How irrevocable is an irrevocable power of attorney?
MAIN IMAGE: Craig Guthrie, partner at Guthrie Colananni Attorneys.
Can the power of attorney be irrevocable? The general rule is that such power of attorneys can be revoked at any time, even if it is stated to be “irrevocable”. Our courts do however recognise that there are exceptions to this general rule explains attorney Craig Guthrie.
Estate agent Andrew Walters asks this very question following a situation that he encountered recently. A group of nature-loving landowners had applied for the establishment of a nature reserve on their properties and recruited their neighbours to join them. In order to do be proclaimed a nature reserve, the title deed of each property had to be changed to reflect the zoning as that of nature reserve. Every property owner that agreed to join had to sign an irrevocable power of attorney to the conveyancer dealing with the project to enable the latter to proceed with the rezoning once official permission had been granted for the nature reserve to be established.
However, some of the property owners, once they realised the onerous restrictions that would be imposed on their use of their properties, have since decided to withdraw their power of attorney by giving written notice to the organising committee. Their withdrawal notices have thus far been ignored.
“Can a property owner withdraw the power of attorney granted under these circumstances? This somehow doesn’t sound right that they can’t withdraw the power of attorney,” asks Walters.
What is the power of attorney?
Craig Guthrie, partner at Guthrie Colananni Attorneys, explains the power of attorney is a legal document through which one person, known as the principal, enables and gives permission to another person, known as the agent, to act in the name of the principal. It is a concept most people are familiar with.
“The general rule is that such power of attorneys can be revoked at any time, even if it is stated to be ‘irrevocable’. Our courts do however recognise that there are exceptions to this general rule,” Guthrie continues.
He says you can give a special power of attorney or general power of attorney. A special power of attorney is for specific actions such as selling a house. A general power of attorney grants much broader authority. Powers of attorney can be either revocable or irrevocable, i.e. it can be cancelled, or it cannot be cancelled by the principal. A power of attorney can be cancelled by the principal simply notifying the agent in writing to that effect.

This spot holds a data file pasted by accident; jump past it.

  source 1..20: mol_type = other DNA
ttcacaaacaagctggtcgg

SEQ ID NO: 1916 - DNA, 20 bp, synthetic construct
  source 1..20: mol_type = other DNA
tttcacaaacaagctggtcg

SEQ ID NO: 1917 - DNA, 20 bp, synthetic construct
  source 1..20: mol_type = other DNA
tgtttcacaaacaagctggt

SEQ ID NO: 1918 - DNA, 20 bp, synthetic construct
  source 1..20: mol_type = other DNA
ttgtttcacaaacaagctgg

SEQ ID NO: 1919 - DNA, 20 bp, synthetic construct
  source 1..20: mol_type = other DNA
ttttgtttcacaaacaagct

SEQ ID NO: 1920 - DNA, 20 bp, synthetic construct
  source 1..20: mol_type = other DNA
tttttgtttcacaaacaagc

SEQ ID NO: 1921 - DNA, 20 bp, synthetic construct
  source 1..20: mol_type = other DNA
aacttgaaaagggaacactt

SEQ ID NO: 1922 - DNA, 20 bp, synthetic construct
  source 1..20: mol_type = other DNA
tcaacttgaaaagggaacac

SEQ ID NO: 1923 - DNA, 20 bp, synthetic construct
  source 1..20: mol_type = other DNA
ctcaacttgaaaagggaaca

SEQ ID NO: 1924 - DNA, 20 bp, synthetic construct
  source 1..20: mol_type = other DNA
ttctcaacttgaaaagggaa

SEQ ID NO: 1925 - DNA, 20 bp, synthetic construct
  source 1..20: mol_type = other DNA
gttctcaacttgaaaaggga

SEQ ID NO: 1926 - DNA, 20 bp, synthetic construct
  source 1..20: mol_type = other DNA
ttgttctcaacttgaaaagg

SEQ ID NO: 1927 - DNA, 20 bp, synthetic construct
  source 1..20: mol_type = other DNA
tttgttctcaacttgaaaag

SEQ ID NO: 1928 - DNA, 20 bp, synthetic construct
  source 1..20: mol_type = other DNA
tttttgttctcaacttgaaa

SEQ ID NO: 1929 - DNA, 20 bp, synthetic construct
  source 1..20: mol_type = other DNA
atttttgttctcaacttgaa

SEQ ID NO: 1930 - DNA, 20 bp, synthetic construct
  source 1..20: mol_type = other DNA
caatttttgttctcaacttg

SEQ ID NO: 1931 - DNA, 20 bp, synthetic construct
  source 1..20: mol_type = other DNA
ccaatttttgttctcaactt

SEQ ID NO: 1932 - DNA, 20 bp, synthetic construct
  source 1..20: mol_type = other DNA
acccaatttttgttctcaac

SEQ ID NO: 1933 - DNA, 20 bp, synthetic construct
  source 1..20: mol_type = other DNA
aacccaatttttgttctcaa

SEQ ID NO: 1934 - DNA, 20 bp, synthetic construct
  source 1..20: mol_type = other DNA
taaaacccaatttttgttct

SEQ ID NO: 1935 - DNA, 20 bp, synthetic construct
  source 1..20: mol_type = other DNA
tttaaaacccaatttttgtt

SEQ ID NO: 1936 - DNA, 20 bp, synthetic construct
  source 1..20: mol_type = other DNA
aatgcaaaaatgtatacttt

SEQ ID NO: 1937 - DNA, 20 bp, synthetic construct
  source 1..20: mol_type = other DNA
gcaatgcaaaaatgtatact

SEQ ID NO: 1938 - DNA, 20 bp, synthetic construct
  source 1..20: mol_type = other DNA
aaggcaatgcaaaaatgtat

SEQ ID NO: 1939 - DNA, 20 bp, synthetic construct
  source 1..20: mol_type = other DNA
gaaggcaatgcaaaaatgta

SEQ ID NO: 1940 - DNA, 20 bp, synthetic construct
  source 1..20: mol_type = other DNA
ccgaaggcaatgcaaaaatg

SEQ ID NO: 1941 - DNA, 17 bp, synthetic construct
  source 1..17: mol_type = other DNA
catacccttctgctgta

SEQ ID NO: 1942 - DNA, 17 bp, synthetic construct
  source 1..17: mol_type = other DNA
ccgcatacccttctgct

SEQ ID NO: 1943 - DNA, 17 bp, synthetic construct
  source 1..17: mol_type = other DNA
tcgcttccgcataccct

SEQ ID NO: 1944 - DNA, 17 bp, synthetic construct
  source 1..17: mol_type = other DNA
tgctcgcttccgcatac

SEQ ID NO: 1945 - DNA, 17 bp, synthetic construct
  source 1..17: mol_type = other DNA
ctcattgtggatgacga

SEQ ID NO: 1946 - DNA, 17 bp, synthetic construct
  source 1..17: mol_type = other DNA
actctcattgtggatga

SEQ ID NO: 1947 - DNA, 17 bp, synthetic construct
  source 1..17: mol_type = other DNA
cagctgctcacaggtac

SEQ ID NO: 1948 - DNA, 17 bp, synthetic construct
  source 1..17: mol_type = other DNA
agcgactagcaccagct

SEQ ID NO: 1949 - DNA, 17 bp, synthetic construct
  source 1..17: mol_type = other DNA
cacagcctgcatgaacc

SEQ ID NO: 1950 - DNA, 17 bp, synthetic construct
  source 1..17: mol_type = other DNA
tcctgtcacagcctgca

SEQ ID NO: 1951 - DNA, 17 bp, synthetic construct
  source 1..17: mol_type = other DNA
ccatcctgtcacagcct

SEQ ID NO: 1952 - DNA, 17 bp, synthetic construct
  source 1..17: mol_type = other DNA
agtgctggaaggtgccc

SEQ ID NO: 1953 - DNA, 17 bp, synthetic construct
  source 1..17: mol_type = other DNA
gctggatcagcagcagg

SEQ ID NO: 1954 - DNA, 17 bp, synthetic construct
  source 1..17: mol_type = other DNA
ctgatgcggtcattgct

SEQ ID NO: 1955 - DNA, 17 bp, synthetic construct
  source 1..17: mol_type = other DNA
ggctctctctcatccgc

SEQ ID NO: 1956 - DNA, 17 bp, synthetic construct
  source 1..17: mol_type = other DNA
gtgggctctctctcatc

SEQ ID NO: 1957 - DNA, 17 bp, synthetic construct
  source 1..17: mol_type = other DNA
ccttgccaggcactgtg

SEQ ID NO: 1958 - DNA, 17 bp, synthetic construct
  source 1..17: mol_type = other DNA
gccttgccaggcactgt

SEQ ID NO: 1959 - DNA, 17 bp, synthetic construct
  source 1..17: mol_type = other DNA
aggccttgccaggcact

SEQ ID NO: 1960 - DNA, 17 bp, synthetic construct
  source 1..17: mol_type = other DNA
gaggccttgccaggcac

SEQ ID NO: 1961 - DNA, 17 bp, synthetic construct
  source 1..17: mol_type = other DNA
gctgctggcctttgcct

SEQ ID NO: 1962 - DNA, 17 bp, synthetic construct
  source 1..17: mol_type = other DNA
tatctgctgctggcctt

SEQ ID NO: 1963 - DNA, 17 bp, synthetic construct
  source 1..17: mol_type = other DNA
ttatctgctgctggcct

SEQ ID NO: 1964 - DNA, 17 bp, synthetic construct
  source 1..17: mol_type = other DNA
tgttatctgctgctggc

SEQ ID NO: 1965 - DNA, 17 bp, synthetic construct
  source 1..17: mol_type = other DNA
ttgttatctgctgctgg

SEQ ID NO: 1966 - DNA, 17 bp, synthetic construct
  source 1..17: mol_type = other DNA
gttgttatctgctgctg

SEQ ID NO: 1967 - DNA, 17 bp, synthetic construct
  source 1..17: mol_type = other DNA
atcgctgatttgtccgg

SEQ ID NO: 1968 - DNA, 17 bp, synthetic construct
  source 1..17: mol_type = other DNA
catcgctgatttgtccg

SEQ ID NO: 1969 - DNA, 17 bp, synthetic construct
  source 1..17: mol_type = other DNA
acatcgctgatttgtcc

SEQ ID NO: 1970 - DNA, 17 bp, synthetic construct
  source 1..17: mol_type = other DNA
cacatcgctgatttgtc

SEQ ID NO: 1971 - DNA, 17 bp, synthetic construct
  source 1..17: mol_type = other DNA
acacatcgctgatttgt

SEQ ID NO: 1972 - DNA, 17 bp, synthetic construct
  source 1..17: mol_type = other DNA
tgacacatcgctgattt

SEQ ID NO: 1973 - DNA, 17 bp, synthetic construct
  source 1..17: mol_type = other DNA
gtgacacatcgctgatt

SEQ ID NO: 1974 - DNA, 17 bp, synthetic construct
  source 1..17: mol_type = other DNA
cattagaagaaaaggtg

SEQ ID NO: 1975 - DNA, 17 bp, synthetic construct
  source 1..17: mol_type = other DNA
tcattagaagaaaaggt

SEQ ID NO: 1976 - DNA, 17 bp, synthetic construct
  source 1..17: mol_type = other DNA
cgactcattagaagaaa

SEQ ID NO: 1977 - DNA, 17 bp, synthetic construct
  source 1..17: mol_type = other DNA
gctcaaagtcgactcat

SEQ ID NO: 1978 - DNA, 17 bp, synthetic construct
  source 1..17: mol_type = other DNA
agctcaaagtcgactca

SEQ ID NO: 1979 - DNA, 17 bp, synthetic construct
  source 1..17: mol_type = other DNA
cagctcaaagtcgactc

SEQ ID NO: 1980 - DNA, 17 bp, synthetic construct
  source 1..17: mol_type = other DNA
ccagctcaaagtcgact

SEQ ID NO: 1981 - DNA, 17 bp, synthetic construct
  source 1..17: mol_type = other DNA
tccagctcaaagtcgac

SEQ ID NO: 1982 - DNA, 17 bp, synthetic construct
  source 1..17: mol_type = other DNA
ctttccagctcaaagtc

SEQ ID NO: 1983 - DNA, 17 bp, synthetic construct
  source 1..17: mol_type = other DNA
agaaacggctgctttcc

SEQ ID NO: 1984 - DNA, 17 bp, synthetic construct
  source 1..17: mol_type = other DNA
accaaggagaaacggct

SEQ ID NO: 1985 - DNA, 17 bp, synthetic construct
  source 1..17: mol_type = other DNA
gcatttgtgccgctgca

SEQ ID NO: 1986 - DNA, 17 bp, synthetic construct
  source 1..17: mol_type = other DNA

First and foremost, a power of attorney is only valid so long as the principal is of sound mind and has the mental capacity to revoke it. Many people think a power of attorney allows to assist their aging parent or family member, but once that parent or family member is incapable of handling their own affairs, that power of attorney is no longer valid and lapses automatically. In South Africa the so-called enduring power of attorney is not legal as it is in many other countries.
The general rule, as confirmed by the court in Consolidated Frame Cotton Corporation Ltd v Sithole and Others is that a principal can revoke a power of attorney even if it is stated in the power of attorney that it may not be revoked or it is said to be irrevocable. There are, as is the case with most general rules in law, exceptions.
It can be revoked but there are exceptions
Guthrie explains the main exceptions to the general rule are when a power of attorney is intended as security or when it is coupled with an interest of the agent. For example, where a bank is irrevocably authorised to register a mortgage bond to secure a loan or where the principal gives the agent authority to sue in the principal’s name, or to conduct business for the agent’s own benefit and not for the benefit of the principal. These powers of attorneys were found to be irrevocable and could not be cancelled.
However, he says recently our courts have gone further in Chevron South Africa (pty) Ltd v Ufudu Transport (Pty) Ltd and Others and stated that a power of attorney to intervene in the business of a licensee could be revoked.
“This area of law is quite complex and a proper analysis of the facts underlying the reason for granting the power of attorney should be done, or the principal might face a claim for damages arising from a breach of the mandate given to the agent. Legal advice should be taken before entering into an irrevocable power of attorney or deciding to cancel one,” ends Guthrie.
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